Cayley graphs of finite 2-generator groups

Let $G=\left<a,b\right>$ be a finite 2-generator group and $\Gamma$ its Cayley graph with respect to $\{a,b\}$. Is it true that $\Gamma\setminus\{e,f\}$ is connected for two arbitrarily chosen edges $e$ and $f$? In a path one may traverse edges in both directions. (In case a generator $a$ has order 2 I assume the edges $(g,ga)$ and $(ga,gaa)=(ga,g)$ to be distinct, so every vertex has in-degree as well as out-degree $2$. If you are uncomfortable with this convention then please assume that no generator has order $2$.)

It is known that the edge-connectivity of a connected vertex-transitive graph is equal to its valency. In your case, the Cayley graph $\Gamma$ is a directed graph, with each vertex having indegree 2 and outdegree 2. Consider the graph $\Gamma'$, defined to be the undirected version of $\Gamma$ (so $\Gamma'$ is obtained from $\Gamma$ by just removing the orientation of the arcs). Then $\Gamma'$ is a 4-regular vertex-transitive graph. You want to know whether any two edges can be removed from $\Gamma'$ without disconnecting the graph, i.e. whether the edge-connectivity of $\Gamma'$ is at least 3. Since $\Gamma'$ is connected, vertex-transitive and has valency at least 3, the answer to your question is in the affirmative.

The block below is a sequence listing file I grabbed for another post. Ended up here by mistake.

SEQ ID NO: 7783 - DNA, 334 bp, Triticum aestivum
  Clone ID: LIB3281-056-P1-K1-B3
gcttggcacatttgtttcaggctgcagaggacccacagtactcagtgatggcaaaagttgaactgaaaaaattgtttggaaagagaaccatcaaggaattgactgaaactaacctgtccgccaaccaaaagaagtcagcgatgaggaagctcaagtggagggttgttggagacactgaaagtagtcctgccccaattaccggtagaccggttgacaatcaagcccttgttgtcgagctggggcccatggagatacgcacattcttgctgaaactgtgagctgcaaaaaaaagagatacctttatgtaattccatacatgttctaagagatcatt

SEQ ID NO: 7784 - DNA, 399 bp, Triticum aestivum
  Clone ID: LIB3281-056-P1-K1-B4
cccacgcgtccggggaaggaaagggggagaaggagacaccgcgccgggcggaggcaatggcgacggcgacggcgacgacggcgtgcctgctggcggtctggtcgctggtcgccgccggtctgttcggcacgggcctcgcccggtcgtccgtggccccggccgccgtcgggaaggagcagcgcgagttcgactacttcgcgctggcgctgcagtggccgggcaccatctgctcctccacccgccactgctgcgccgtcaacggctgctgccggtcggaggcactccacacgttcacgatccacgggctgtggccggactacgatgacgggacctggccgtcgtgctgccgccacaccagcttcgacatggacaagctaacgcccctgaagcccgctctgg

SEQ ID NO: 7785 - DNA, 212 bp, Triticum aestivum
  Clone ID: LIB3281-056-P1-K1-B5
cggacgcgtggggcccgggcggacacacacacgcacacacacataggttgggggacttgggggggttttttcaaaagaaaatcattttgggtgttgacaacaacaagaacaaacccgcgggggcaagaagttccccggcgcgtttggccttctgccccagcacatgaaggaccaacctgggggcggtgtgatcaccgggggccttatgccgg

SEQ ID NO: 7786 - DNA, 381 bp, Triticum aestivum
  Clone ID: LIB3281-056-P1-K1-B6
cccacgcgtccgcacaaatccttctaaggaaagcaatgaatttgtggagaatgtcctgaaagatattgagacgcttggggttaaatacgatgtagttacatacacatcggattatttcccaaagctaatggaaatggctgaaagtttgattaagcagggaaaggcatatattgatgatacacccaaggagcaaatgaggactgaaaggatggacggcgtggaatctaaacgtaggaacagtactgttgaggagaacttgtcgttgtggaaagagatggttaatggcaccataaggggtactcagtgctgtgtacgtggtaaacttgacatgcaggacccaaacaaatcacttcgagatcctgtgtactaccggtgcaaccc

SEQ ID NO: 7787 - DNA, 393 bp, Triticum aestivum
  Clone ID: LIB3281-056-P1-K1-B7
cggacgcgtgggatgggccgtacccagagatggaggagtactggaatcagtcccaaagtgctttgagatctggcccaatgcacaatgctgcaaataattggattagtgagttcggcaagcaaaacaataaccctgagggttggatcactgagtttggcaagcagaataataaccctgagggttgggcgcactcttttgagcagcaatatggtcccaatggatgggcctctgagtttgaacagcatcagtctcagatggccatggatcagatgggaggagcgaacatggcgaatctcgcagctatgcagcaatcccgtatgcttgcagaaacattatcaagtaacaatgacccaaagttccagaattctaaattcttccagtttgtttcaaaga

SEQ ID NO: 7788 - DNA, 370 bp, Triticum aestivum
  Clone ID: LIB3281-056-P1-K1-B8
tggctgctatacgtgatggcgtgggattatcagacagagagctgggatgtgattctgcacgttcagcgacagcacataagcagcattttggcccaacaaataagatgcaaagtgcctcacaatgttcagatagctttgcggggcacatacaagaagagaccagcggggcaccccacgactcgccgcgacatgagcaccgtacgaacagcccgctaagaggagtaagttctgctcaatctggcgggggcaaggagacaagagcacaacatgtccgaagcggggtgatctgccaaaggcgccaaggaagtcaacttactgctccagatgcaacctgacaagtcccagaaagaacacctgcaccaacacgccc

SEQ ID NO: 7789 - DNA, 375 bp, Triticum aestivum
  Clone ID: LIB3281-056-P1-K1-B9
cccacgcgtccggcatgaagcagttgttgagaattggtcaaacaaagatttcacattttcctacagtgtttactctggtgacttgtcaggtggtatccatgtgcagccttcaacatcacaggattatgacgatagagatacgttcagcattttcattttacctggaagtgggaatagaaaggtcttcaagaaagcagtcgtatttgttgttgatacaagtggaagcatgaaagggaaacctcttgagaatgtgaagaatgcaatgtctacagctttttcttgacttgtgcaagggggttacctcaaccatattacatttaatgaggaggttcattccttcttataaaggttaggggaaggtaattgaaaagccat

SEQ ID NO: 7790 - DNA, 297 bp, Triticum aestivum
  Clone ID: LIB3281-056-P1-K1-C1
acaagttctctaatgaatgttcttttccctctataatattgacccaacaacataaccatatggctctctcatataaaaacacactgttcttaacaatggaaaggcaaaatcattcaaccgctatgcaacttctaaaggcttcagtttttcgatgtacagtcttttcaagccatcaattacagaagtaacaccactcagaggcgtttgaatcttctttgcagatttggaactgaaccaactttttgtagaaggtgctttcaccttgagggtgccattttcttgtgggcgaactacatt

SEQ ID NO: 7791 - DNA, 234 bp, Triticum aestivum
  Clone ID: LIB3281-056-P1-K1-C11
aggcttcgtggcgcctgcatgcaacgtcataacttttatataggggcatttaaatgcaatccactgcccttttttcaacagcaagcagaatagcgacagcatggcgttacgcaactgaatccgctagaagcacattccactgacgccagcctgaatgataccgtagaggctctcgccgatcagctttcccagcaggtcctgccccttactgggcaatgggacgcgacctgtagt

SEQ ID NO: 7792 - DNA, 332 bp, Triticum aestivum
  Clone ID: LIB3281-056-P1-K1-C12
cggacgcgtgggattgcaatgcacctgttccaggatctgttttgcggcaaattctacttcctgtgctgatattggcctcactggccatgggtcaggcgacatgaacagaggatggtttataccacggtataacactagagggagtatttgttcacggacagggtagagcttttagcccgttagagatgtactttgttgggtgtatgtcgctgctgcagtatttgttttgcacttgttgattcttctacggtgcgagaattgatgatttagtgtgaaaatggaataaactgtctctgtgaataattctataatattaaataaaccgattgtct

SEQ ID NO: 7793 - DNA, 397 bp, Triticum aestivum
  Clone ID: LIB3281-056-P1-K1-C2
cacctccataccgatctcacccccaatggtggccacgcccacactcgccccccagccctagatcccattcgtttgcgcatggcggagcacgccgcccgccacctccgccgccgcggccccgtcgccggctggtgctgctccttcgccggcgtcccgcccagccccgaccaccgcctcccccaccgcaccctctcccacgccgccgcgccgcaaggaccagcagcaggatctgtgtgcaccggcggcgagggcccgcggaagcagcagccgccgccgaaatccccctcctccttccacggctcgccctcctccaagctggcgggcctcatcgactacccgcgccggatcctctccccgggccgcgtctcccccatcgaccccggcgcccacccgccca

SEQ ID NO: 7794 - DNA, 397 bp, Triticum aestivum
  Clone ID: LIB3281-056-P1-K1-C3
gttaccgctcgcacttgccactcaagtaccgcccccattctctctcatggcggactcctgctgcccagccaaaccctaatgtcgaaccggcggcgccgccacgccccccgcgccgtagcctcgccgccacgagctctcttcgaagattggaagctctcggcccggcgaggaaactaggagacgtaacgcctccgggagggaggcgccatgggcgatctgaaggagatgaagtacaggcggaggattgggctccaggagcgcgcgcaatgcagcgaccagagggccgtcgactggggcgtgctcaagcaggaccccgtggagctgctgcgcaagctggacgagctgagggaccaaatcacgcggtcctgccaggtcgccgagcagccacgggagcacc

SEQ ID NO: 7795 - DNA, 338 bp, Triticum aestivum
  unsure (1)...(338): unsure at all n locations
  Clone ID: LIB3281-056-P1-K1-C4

The problem can be modified so that any parallel edges in $\Gamma'$ (if they exist) are removed before determining the edge-connectivity. For example, if the two generators $a$ and $b$ are the $n$-cycle $(1,2,\ldots,n)$ and its inverse $(1,n,\ldots,2)$, then $\Gamma$ is the digraph of an $n$-cycle graph, with an arc from vertex $i$ to $i+1$ and also an arc from $i+1$ to $i$. Removing the orientations in $\Gamma$ gives a graph $\Gamma'$ that has parallel edges (it is a multigraph). If these parallel edges are removed, then we get a simple, undirected $n$-cycle graph. There do exist two edges in this graph whose removal disconnects the graph, for example the two edges incident to a vertex. When the generator set is closed under inverses, we can view the Cayley graph as undirected, and this undirected graph is 2-regular and has edge-connectivity exactly equal to 2.